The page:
Report these results. This restricted version of the regression will be called Model 2.

Diego Garzon - dig5269

For this, we use the same elaborate ttest as we ran in D. We generate some

variable labeled Qe=(wsta+wfed+wloc). We run the model 1 regression with Qe

in place of wsta wfed and wloc on crmrte. We must find our fstat with

.005698845.005661278/2

F=

.005661278/72 = .238887688 WE will fail to reject .23 > .05

Restricted:

Source | SS df MS Number of obs = 90

-------------+------------------------------ F( 15, 74) = 17.34

Model | .020033929 15 .001335595 Prob > F = 0.0000

Residual | .005698845 74 .000077011 R-squared = 0.7785

-------------+------------------------------ Adj R-squared = 0.7336

Total | .025732774 89 .000289132 Root MSE = .00878

Unrestricted is Model 1

f. Return to Model 1. Now test the hypothesis that all 9 of the wage variables have a

coefficient of zero. Do this by writing down the formula for the relevant F-statistic.

Calculate it (by running the appropriate restricted regression) and test the hypothesis.

Report these results.

Source | SS df MS Number of obs = 90

Same process for the one above but all wage variables are replaced by Qf

.005938334.005661278/8

F=

.005661278/80 = .489387732 Therefore we will fail to reject the Ho

Diego Garzon - dig5269

Restricted is model 1

the crime, the probability of conviction is prbconv. If the person is convicted, the

probability of prison is prbpris. Assuming all these probabilities are independent.

What is the formula for calculating the probability that someone who commits a

crime will a) get arrested AND b) get convicted AND c) get a prison sentence? That

is, how would you calculate the probability of this intersection of statistically

independent events? [Note: the probabilities produced by the researchers are

derived from the arrest data, and thus may not follow the usual rules of probability.

In particular, some probabilities are greater than one. Dont worry about that here.]

Call this variable prjail_ifcrime and create it in STATA.

-------------+--------------------------------------------------------

prjail_ifc~e | 90 .2990574 .1268487 .0588235 .7

h. Given this result prjail_ifcrime, how would you use the variable avgsen to calculate

the expected time in jail if commiting a crime. Call this variable jailtime_ifcrime and

create it in STATA.

-------------+--------------------------------------------------------

i. Return to regression Model 1. Replace the variables prbarr, prbconv, prbpris and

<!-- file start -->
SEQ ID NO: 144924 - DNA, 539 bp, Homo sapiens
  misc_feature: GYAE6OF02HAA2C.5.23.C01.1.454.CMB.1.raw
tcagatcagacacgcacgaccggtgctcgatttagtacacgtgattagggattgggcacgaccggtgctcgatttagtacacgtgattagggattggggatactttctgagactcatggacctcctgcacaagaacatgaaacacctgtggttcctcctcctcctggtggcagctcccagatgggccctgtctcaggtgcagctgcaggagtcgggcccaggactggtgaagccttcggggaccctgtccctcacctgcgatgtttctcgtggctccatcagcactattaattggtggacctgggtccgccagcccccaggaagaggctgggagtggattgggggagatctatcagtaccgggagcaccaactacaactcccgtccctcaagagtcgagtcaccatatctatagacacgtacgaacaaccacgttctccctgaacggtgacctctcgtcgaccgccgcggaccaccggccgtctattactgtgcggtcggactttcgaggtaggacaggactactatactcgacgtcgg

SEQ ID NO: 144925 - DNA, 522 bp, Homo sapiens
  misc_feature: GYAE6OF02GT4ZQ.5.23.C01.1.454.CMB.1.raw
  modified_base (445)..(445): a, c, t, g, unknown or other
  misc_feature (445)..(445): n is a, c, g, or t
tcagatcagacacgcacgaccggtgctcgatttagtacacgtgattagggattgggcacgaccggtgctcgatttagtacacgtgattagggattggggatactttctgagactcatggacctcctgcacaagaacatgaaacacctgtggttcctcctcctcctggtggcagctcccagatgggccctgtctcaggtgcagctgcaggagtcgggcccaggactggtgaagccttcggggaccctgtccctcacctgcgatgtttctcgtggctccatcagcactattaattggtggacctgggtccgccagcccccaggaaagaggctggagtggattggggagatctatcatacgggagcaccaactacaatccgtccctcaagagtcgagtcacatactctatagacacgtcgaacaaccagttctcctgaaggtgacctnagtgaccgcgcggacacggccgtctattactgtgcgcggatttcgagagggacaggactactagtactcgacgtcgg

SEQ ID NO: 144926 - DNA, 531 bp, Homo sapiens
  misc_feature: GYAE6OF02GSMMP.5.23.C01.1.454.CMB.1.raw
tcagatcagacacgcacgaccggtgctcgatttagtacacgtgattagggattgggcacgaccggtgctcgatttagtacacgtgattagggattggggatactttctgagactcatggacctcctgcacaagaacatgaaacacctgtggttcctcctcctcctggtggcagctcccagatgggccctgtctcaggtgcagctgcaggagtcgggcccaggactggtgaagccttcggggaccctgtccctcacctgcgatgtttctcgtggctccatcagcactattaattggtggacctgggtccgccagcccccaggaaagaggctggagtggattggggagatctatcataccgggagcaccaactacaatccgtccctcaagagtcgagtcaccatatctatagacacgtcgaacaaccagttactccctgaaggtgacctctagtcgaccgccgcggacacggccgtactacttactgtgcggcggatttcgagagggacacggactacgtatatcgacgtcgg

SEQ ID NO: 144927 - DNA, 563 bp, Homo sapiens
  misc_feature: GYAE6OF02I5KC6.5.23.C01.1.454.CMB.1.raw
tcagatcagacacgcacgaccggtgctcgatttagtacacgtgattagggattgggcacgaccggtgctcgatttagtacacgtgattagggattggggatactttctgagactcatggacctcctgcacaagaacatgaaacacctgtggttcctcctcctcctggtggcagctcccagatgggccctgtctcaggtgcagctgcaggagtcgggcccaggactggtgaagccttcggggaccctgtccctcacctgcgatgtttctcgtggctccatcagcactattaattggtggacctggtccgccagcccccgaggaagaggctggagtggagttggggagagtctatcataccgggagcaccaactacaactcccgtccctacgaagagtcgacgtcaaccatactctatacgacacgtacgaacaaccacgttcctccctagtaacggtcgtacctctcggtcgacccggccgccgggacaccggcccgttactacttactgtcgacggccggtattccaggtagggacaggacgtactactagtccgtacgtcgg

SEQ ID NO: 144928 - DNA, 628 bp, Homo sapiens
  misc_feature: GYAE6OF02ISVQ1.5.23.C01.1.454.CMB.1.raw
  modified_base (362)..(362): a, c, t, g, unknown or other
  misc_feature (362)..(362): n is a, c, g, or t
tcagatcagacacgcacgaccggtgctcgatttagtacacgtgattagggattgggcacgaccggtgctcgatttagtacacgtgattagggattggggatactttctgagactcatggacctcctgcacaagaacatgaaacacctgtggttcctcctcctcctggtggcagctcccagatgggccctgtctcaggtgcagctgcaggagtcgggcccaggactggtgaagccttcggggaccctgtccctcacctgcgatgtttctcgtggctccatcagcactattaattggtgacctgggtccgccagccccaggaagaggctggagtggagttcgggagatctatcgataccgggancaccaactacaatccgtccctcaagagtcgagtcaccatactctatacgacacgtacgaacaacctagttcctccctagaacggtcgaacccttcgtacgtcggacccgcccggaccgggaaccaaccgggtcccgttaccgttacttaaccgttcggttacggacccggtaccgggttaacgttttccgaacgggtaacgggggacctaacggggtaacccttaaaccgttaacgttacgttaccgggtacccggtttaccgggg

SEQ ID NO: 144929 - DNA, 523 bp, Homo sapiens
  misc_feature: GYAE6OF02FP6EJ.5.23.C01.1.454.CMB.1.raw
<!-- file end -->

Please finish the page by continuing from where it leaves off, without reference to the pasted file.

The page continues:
avgsen with your new variable jailtime_ifcrime. This is Model 4. Write a paragraph

in which you discuss how Model 4 compares with Model 1.

Diego Garzon - dig5269

. reg crmrte jailtime_ifcrime polpc density pctmin taxpc wmfg wcon wtuc wtrd wfir

wser wfed wsta wloc

Source | SS df MS Number of obs = 90

-------------+------------------------------ F( 14, 75) = 14.31

Model | .018723082 14 .001337363 Prob > F = 0.0000

Residual | .007009691 75 .000093463 R-squared = 0.7276

-------------+------------------------------ Adj R-squared = 0.6767

Total | .025732774 89 .000289132 Root MSE = .00967

----------------------------------------------------------------------------------

crmrte | Coef. Std. Err. t P>|t| [95% Conf. Interval]

-----------------+----------------------------------------------------------------

jailtime_ifcrime | -.0001843 .000319 -0.58 0.565 -.0008197 .000451

polpc | -1.135305 .7543213 -1.51 0.137 -2.637991 .3673797

density | .0081923 .0010578 7.74 0.000 .006085 .0102996

pctmin80 | .0002044 .0000719 2.84 0.006 .0000611 .0003476

taxpc | .0002442 .00017 1.44 0.155 -.0000944 .0005828

wmfg | .0000139 .0000238 0.58 0.561 -.0000335 .0000614

wcon | .0000297 .0000481 0.62 0.539 -.0000662 .0001256

wtuc | -.0000255 .0000233 -1.09 0.278 -.000072 .000021

wtrd | -.0000212 .000066 -0.32 0.749 -.0001527 .0001103

wfir | .0000352 .000057 0.62 0.538 -.0000782 .0001487

wser | 2.04e-06 .000055 0.04 0.970 -.0001075 .0001116

wfed | .0000485 .0000305 1.59 0.116 -.0000123 .0001093

wsta | .000016 .0000424 0.38 0.707 -.0000685 .0001006

wloc | -7.90e-06 .0000932 -0.08 0.933 -.0001935 .0001777

_cons | -.0116069 .0185137 -0.63 0.533 -.0484881 .0252743

Upon creating model 4 and comparing our data to model 1 we fine several

differences in the data. Among our data, police per capita and tax revenue per

capita has increased so too as our average wage in manufacturing. It appears

that the rest of the wages have fallen in terms of their coefficients, while most of

their t values have increased. More surprising is our R2 has decreased

measurably, So I would say that this model 4 is not as good at predicting as

model 1.